Sabanba, A Hyperlocal Japanese Take on Korean Bibimbap

I’ve long been a fan of mackerel and bibimbap, so to discover a marriage of the two in an ostensibly random Japanese city was a delicious coincidence.

Availing of the the Hokuriku Area Pass, a 4-day Japan Railways train ticket that covered many hotspots in Ishikawa, Toyama, and Fukui prefectures, I took a day trip from Kanazawa to Obama, a port city in Fukui.

Historically, this region was called Wakasa (若狭), which held a prime location on Wakasa Bay. For hundreds of years, it supplied Kyoto, the ancient imperial capital of Japan, with abundant seafood.  Together with Awaji province (present-day Hyogo prefecture) and Shima province (today’s Mie prefecture), Wakasa was one of Kyoto’s miketsukuni, basically the food pantry.

In particular, mackerel, or saba (鯖) in Japanese,  was very popular at the time, so much so that the route from Obama to Kyoto came to be known as the “mackerel highway,” or saba kaido (鯖街道).

mackerel manhole cover obama japan
Mackerel Sewer Cover! Obama, Fukui, Japan

With such a prominent local delicacy — actually, due to overfishing, Japan has been importing mackerel for decades — I found out that one of Obama’s most famous dishes was called 鯖ンバ, or sabanba.

OK, so it’s not such a well-known meal — never mind that the one restaurant serving it, Yamato-an, is best known for tonkatsu, or fried pork cutlets — and let’s not forget that the dish is a fusion of Japanese food and Korean food. (link in Japanese) The manager at the time was fond of bibimbap, the Korean comfort food of mixed rice, vegetables, and an egg, so the epiphany came to add mackerel to it.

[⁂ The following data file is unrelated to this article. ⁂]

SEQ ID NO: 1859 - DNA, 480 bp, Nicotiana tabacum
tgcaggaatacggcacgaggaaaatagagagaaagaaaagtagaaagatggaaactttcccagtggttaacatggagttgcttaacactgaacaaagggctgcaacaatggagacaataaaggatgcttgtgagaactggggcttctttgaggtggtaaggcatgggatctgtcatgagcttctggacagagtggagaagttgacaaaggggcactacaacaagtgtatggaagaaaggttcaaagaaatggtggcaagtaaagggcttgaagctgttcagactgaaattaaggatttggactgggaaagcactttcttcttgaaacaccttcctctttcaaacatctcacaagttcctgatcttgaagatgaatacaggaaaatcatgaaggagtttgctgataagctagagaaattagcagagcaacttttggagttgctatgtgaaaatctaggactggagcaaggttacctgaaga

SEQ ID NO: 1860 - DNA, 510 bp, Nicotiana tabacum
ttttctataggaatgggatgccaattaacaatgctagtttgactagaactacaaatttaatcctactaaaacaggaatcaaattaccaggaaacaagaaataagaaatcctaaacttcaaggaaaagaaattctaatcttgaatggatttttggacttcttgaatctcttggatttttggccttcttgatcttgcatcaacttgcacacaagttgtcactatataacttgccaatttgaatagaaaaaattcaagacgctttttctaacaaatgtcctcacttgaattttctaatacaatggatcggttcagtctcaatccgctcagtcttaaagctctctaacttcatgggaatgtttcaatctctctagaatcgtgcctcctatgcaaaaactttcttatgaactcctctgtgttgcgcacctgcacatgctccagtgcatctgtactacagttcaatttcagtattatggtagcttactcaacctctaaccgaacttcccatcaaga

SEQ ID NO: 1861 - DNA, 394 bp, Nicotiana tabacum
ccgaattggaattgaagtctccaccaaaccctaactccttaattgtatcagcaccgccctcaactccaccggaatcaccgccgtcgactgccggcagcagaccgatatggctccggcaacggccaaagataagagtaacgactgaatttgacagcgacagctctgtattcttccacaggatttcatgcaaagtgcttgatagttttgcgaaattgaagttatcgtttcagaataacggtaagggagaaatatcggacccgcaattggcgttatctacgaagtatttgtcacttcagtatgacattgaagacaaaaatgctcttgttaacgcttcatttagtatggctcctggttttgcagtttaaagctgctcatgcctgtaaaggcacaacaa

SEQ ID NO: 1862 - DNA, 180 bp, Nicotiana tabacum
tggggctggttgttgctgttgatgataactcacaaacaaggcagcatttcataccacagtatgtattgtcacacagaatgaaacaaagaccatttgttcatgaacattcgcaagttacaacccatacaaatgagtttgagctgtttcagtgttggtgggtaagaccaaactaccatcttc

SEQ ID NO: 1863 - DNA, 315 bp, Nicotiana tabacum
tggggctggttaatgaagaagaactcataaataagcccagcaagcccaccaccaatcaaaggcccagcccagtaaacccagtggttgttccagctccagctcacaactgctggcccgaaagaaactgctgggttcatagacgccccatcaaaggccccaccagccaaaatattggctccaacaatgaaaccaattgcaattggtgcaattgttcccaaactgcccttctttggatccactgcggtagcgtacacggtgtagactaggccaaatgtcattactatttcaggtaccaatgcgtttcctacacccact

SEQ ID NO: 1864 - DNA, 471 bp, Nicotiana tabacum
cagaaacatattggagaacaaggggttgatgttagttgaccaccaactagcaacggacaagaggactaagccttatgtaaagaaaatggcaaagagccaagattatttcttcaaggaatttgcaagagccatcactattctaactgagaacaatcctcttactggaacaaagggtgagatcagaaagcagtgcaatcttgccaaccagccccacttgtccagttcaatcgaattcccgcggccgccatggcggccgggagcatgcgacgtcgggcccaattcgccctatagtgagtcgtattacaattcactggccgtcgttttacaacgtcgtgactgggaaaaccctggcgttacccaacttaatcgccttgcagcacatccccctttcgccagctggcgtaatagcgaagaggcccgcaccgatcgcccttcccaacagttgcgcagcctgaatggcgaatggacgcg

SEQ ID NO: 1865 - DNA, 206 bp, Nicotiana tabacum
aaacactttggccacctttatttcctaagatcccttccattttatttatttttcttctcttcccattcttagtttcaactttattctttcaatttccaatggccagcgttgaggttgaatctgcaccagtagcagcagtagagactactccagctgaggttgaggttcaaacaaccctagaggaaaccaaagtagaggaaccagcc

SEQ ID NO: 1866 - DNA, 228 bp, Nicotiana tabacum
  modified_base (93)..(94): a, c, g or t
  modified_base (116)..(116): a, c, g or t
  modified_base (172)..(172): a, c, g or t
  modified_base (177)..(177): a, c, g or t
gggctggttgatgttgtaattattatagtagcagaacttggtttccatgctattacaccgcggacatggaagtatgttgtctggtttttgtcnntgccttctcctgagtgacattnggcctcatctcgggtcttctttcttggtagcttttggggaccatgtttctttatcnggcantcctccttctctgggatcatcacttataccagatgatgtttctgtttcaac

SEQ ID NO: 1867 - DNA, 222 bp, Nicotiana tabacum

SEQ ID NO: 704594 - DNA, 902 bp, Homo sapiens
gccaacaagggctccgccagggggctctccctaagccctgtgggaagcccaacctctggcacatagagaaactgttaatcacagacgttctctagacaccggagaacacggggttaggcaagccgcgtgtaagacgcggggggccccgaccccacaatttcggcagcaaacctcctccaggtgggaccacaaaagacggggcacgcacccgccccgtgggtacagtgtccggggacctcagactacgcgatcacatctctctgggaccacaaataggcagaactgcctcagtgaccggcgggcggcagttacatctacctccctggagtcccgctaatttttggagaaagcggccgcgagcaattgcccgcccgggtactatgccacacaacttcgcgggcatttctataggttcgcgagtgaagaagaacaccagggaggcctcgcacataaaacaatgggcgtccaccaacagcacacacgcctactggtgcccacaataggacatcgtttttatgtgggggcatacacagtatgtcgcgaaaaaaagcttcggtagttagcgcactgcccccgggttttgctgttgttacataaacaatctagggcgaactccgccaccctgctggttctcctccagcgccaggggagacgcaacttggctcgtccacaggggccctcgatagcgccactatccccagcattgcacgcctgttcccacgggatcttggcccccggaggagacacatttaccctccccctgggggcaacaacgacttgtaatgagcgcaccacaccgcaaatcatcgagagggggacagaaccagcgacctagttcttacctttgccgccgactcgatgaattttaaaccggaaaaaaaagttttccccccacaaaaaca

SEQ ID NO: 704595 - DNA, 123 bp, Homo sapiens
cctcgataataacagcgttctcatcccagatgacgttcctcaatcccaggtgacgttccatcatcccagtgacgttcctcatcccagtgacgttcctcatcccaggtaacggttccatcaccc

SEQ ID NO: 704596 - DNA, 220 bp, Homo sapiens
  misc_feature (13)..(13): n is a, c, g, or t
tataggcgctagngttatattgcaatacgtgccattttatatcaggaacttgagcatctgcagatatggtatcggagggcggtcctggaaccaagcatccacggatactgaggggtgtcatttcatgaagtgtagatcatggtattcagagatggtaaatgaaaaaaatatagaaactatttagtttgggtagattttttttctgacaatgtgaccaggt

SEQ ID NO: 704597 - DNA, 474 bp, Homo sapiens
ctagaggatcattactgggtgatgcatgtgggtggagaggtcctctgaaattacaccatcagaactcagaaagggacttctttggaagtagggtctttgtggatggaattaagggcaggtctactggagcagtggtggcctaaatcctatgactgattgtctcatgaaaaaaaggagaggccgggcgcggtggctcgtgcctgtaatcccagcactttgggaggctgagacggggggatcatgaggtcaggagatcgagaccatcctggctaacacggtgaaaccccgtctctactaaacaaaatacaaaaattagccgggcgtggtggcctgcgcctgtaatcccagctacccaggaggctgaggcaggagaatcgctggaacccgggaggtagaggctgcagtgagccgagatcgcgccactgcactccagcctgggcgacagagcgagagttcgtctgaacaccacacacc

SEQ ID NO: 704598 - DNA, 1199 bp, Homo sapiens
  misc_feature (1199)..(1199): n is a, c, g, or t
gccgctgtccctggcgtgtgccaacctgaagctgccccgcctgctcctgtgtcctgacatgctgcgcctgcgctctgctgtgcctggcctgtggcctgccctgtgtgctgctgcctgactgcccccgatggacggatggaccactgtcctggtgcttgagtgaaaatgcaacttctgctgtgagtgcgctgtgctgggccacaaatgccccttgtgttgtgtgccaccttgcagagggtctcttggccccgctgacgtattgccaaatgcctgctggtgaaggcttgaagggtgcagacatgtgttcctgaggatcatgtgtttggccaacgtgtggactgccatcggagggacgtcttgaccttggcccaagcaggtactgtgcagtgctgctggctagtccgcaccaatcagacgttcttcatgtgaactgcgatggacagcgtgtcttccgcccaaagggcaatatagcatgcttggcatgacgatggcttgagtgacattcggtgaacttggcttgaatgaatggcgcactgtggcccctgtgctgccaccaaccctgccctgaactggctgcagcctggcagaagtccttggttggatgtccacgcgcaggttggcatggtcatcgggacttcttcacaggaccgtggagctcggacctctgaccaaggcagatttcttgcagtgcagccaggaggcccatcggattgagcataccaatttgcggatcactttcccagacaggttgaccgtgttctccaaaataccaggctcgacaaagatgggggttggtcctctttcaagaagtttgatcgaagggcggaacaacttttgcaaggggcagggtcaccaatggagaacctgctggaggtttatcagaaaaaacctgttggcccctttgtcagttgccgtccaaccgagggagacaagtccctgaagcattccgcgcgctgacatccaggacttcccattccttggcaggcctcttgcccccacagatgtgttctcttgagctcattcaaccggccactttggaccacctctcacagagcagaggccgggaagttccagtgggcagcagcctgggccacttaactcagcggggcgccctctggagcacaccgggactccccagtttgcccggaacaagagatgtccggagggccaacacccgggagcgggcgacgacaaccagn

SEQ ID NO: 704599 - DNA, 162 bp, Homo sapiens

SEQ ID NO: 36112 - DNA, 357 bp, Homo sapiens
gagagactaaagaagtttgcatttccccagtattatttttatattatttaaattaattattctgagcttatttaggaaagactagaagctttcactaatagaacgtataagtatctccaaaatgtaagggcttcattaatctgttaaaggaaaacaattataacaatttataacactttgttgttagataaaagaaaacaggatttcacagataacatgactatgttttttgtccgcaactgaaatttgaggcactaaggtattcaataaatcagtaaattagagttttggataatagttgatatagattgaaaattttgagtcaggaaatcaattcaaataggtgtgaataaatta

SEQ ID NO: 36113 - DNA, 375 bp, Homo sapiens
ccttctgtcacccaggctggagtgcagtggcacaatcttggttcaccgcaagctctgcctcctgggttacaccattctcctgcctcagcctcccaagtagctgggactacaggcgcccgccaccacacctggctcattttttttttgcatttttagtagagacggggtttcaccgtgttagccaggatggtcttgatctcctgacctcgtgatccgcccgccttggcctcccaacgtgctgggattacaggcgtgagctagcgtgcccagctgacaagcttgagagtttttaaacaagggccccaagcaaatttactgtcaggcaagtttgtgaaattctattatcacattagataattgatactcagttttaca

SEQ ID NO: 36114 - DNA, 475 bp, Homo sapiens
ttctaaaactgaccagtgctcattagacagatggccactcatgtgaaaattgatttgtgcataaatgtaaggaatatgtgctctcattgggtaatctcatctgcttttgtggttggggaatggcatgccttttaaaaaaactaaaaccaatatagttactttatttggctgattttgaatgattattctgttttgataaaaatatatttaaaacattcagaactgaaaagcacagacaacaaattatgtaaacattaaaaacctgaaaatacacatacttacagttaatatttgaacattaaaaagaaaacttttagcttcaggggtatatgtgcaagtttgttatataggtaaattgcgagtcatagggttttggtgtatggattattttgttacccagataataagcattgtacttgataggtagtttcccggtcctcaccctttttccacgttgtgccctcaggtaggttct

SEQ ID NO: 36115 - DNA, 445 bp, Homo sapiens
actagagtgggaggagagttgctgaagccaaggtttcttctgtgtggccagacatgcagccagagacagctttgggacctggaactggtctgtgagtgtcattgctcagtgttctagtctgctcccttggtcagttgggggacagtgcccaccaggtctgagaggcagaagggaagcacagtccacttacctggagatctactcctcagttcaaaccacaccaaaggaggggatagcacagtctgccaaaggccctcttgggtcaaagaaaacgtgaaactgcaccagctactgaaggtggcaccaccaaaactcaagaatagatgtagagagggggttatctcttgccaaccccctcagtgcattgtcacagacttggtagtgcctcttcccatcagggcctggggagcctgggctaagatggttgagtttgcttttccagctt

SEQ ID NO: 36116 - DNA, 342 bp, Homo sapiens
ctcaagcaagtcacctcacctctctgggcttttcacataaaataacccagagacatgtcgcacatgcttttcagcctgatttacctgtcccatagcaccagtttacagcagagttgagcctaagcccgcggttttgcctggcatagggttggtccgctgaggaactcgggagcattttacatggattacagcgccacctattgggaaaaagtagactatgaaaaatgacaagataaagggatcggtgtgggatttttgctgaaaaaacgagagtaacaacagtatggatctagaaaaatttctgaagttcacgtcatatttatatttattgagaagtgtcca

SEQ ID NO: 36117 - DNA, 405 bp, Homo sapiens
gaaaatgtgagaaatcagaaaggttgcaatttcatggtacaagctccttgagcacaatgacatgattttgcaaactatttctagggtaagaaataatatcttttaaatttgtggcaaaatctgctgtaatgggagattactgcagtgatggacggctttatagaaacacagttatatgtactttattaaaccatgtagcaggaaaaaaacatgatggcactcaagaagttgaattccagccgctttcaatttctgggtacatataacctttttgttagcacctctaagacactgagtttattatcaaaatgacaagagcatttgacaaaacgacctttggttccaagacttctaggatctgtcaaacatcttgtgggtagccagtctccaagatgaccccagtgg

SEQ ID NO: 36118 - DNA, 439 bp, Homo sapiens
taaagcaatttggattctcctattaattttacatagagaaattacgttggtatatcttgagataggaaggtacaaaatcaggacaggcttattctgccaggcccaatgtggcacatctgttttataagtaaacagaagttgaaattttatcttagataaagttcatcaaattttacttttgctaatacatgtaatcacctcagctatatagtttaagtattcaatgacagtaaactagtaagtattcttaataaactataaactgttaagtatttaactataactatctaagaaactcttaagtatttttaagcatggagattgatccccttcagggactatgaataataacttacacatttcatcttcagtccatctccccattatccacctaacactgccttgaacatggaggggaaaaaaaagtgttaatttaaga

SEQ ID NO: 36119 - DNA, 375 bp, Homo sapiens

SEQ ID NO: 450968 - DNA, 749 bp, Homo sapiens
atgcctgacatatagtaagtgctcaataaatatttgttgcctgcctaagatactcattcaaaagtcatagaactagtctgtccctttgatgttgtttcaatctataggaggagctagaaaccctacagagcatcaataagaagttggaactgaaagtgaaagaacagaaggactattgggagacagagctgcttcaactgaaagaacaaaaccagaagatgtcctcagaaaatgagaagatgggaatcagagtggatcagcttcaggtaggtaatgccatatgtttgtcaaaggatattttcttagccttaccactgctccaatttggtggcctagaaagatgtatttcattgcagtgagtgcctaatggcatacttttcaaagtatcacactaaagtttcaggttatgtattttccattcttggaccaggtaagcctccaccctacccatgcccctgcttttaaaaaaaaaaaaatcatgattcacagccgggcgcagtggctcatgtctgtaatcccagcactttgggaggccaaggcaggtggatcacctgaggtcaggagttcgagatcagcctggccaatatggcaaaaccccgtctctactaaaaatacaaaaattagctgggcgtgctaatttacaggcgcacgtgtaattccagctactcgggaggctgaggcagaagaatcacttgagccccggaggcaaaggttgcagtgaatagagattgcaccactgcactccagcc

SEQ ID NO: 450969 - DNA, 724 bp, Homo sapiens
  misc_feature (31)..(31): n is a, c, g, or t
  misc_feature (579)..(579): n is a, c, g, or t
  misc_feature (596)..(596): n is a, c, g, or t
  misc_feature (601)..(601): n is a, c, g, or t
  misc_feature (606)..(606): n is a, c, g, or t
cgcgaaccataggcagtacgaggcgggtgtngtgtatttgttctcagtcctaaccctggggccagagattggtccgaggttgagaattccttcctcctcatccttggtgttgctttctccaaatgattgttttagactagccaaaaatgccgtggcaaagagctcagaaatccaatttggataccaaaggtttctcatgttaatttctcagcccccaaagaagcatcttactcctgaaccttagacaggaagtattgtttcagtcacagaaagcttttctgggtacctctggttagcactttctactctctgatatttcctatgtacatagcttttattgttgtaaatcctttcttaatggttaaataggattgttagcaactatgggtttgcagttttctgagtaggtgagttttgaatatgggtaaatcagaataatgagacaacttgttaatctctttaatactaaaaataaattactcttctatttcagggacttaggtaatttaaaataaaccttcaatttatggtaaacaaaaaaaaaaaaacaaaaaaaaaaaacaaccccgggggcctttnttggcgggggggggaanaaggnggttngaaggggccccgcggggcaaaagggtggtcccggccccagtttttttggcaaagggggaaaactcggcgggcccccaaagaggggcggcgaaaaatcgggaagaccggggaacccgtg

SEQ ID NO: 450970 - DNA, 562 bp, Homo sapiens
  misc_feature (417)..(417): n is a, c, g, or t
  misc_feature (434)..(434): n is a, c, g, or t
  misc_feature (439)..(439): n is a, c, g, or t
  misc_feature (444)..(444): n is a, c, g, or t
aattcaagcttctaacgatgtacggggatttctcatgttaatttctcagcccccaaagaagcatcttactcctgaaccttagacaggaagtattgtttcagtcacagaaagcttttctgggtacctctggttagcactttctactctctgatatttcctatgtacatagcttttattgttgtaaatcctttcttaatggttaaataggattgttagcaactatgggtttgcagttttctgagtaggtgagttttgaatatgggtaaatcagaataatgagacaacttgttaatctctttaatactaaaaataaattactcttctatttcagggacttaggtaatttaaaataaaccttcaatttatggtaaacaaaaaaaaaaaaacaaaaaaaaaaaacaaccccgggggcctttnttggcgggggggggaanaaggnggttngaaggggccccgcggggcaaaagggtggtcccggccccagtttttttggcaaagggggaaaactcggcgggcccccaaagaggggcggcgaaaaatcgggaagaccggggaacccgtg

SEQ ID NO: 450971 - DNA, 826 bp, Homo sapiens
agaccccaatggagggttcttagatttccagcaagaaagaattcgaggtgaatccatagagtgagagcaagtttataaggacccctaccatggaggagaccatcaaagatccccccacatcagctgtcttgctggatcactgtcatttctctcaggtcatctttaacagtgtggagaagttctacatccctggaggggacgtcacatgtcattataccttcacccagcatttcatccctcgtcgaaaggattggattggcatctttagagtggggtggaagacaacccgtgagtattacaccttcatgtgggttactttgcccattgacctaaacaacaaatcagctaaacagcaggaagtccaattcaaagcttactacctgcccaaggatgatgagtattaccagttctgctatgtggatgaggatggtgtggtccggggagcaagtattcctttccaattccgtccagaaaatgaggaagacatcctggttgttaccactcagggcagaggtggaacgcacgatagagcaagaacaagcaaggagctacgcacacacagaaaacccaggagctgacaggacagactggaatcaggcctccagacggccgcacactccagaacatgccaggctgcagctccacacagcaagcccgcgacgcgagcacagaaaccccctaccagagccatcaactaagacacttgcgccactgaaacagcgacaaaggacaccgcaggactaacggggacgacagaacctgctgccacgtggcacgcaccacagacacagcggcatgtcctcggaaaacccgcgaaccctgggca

sabanba mackerel bibimbap obama japan
Sabanba (鯖ンバ), Yamatoan Restaurant, Obama, Fukui, Japan

In Japan, sabanba falls under the category of  B級グルメ, or B-grade gourmet. That is, it’s a dish with inexpensive ingredients and mass appeal. Regardless of that appellation, sabanba is still a fun, tasty, and variegated meal that spotlights one locally historic ingredient.

Leave a Reply

Fill in your details below or click an icon to log in:

WordPress.com Logo

You are commenting using your WordPress.com account. Log Out /  Change )

Twitter picture

You are commenting using your Twitter account. Log Out /  Change )

Facebook photo

You are commenting using your Facebook account. Log Out /  Change )

Connecting to %s

%d bloggers like this: